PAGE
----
Interview with Noah Cicero: June 15 - July 27

Noah Cicero is a writer of points and the pointlessness between them. He makes stands often to refute them, or simply put them into a spin to see what can be excavated. In this way, he is much more an experiential writer, who looks at an emotional state as an entry point to filtering other questions. These barbaric yawps can bring a world into chaos or standstill. Regardless of the movement, it is a single intention, to see the ground in front of him that makes Noah such a gift as a writer. If we look hard enough, we just might see reality. Then we can shake our fists, make a choice, or ask why all over again.

Noah is the author of The Human War (Fugue State Press, 2003), The Condemned (Six Gallery Press, 2006), The Living and the Dead (Bear Parade), and Treatise (Noah Cicero, 2007). Recently, we were able to chat about The Human War , hell, and distant planets. I didn't expect to like hell so much. It's a pretty nice place. I might open a Denny's. People get hungry. They might even read Noah Cicero.

Pirooz Kalayeh: I like THE HUMAN WAR. I like the relationship with Kendra. I like Denny's too. I also like how the book reads like a poem. It reminds me of Allen Ginsberg's Howl. It also reminds me of Walt Whitman. The dialogue makes me think of Quentin Tarantino.

Noah Cicero: Your references to Walt Whitman and Ginsberg are accurate in this way: I was watching a show on Whitman and they talked about how he tried to imitate the sounds of an orchestra, and one day I was drunk and reading Leaves of Grass out loud to some girl and I noticed that as you read Whitman your voice kept getting louder and louder, faster and faster, it had crescendos and refrains and low and high points. And Whitman could control this through the strategic use of periods and commas and starting new lines.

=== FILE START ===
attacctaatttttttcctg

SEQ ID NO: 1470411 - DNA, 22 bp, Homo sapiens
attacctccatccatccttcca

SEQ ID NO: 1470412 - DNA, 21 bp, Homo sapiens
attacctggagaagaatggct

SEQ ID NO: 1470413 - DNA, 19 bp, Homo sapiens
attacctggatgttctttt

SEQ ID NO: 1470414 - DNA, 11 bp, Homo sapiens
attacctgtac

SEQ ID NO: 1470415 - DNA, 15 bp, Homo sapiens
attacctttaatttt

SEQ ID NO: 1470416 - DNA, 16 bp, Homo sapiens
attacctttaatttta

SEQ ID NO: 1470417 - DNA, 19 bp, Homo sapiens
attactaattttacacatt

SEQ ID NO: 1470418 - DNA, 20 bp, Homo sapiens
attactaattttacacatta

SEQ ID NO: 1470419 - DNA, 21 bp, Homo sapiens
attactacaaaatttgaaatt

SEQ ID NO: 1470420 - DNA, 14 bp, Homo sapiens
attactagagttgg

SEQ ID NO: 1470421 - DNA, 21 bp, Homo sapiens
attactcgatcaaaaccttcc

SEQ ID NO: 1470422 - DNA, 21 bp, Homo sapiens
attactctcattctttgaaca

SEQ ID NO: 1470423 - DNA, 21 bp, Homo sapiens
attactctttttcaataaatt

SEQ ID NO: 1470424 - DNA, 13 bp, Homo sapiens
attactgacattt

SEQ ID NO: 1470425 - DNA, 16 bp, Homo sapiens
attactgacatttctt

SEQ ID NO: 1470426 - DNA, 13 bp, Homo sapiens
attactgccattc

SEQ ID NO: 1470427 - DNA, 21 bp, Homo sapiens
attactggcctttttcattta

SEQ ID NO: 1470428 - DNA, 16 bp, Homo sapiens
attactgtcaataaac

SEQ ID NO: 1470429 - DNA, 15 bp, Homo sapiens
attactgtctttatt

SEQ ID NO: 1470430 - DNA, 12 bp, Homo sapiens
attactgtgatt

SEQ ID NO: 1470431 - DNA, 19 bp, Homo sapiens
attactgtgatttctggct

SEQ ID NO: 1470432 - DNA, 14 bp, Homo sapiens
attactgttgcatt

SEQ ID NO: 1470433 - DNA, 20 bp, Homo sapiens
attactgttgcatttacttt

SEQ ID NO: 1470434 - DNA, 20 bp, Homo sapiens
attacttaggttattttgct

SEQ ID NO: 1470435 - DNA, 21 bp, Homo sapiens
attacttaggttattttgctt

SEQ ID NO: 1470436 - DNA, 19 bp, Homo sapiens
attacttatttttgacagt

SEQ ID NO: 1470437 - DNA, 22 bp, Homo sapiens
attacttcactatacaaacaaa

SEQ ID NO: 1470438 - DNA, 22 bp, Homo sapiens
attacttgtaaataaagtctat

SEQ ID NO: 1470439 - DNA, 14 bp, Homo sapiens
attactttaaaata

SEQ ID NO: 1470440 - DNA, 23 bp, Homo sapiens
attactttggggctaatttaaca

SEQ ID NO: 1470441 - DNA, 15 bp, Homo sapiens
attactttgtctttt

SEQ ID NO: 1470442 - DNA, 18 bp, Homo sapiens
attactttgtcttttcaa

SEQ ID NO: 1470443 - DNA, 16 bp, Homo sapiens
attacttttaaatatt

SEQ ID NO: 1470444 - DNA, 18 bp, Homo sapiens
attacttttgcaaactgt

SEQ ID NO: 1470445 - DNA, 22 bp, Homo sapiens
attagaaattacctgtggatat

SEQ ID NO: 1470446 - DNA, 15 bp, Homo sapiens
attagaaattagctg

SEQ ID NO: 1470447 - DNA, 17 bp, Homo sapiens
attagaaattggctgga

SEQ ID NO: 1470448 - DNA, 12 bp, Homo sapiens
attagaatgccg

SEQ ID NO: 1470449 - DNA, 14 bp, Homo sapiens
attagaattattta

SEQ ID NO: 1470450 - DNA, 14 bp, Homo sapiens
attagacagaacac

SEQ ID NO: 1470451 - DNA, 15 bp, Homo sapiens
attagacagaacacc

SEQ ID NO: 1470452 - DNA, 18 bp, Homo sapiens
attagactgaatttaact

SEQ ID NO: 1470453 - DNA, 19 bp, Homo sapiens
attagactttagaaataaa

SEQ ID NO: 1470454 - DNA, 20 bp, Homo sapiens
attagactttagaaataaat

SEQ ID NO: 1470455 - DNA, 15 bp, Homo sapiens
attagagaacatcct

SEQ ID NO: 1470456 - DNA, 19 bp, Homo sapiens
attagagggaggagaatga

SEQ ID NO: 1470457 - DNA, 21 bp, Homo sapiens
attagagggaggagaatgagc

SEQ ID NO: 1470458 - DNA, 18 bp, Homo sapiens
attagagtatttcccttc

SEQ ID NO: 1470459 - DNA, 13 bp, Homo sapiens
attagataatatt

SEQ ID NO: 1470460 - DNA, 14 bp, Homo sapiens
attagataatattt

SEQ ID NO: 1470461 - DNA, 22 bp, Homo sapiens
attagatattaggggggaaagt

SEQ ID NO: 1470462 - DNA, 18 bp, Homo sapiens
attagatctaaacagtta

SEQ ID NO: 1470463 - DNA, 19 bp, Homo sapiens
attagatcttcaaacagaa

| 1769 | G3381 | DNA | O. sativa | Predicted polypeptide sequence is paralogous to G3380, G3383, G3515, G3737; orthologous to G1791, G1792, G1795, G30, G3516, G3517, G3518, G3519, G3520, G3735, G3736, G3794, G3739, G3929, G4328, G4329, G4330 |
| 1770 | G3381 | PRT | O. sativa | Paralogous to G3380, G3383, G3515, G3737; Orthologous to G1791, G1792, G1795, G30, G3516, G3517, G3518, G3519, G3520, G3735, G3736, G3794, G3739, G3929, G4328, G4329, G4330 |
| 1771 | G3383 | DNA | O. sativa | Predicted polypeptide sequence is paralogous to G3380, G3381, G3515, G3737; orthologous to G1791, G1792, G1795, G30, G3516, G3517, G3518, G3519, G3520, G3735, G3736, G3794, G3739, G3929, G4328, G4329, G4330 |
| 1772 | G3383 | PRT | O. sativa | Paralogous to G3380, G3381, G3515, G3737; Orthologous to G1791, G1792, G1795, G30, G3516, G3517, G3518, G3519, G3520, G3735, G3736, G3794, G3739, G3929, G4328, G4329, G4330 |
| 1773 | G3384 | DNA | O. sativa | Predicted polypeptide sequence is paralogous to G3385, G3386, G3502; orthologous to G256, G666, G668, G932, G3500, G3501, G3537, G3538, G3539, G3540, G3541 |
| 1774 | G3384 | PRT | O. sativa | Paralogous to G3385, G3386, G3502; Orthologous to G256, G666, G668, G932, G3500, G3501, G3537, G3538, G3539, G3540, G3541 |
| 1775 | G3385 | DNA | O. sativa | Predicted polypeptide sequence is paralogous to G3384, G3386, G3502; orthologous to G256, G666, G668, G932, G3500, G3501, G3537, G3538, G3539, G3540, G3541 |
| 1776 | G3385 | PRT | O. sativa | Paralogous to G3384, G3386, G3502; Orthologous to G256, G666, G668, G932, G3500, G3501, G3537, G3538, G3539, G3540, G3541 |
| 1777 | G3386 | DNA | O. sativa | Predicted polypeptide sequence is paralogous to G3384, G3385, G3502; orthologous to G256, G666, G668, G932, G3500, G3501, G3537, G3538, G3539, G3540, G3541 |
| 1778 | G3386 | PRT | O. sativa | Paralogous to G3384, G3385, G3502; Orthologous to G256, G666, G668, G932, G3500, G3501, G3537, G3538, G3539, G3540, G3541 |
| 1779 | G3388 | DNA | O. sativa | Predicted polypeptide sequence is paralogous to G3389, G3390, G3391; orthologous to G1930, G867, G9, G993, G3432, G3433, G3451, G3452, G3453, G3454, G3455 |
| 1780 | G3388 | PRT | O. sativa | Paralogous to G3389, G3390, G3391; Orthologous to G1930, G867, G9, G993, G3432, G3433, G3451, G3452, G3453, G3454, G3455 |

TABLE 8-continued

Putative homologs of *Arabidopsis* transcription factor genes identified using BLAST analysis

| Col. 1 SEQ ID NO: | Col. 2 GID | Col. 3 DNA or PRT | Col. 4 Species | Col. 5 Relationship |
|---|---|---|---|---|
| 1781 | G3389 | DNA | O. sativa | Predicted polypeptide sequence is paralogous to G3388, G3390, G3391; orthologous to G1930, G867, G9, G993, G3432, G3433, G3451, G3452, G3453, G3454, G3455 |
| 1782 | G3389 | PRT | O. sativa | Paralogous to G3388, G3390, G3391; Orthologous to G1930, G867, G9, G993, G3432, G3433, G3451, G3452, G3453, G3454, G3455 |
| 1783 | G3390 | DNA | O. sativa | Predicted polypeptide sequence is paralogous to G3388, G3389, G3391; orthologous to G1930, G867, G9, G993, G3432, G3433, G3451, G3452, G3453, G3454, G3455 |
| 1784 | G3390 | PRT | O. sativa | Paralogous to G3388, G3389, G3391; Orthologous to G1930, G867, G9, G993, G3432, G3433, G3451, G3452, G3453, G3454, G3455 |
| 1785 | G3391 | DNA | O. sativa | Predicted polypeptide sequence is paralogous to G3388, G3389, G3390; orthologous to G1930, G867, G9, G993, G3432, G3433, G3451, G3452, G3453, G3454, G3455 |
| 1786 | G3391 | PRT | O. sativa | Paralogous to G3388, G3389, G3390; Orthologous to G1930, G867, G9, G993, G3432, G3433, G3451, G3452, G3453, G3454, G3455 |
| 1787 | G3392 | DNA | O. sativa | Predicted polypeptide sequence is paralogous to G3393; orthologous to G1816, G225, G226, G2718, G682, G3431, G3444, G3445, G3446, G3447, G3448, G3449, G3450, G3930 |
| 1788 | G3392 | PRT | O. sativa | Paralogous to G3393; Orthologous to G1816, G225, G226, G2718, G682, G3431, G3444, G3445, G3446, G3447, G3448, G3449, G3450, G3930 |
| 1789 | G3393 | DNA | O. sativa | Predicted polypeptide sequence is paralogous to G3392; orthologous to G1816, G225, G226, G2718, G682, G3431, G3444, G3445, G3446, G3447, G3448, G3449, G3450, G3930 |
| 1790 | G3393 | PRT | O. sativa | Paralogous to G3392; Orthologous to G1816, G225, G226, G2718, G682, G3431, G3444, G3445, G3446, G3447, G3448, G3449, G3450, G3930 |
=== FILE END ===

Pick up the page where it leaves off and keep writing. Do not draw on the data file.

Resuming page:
That a writer could use commas, periods, and where new lines start to make the reader see the passage into music, and this music gives a higher level of meaning to the writing.

But I was not thinking about orchestra music when I wrote it. When I write the music, I usually try to imitate Jimi Hendrix's Machine Gun, Led Zeppelin's Achilles Last Stand, and Metallica's Orion, 10-minute rock songs that resemble orchestra music. All three start off slow, and eventually lead to total chaos, they aren't chaos, because the musicians know exactly what they are doing, and have planned and are carrying it out. But it gives the sensation of chaos, of a person going totally mad under the pressure of this world.



I want THE HUMAN WAR to pick up speed as it goes on, and gets going very fast until the reader starts feeling the chaos, starts feeling really confused, starts going a little mad themselves. Then it slows down, and it comes back, repeated several times.

Because on that night, a lot of us felt very confused, very chaotic inside, and well a lot of us feel this all the time.

Pirooz Kalayeh: Do you really care if people get this book or not? Is that important to you?

Noah Cicero: People get several things from the book, the people that don't like it call the characters adolescent: I wouldn't call the characters adolescent, the characters in the book are what Nietzsche called, The Last Men. They are people lying around doing nothing, living for no reason, going on, they don't truly believe or truly not believe in anything. Foer writes a book about a 9 year old because he is at the mental stage of a nine-year-old but isn't conscious of it. The difference is, when I write, I don't write about 9 year olds, I write about people in their twenties acting like nine year olds. But they aren't really acting like 9 year olds; they are acting like Nietzsche's version of The Last Man.

I would also classify the characters in Tao Lin's EEEE EEE EEEE as The Last Men.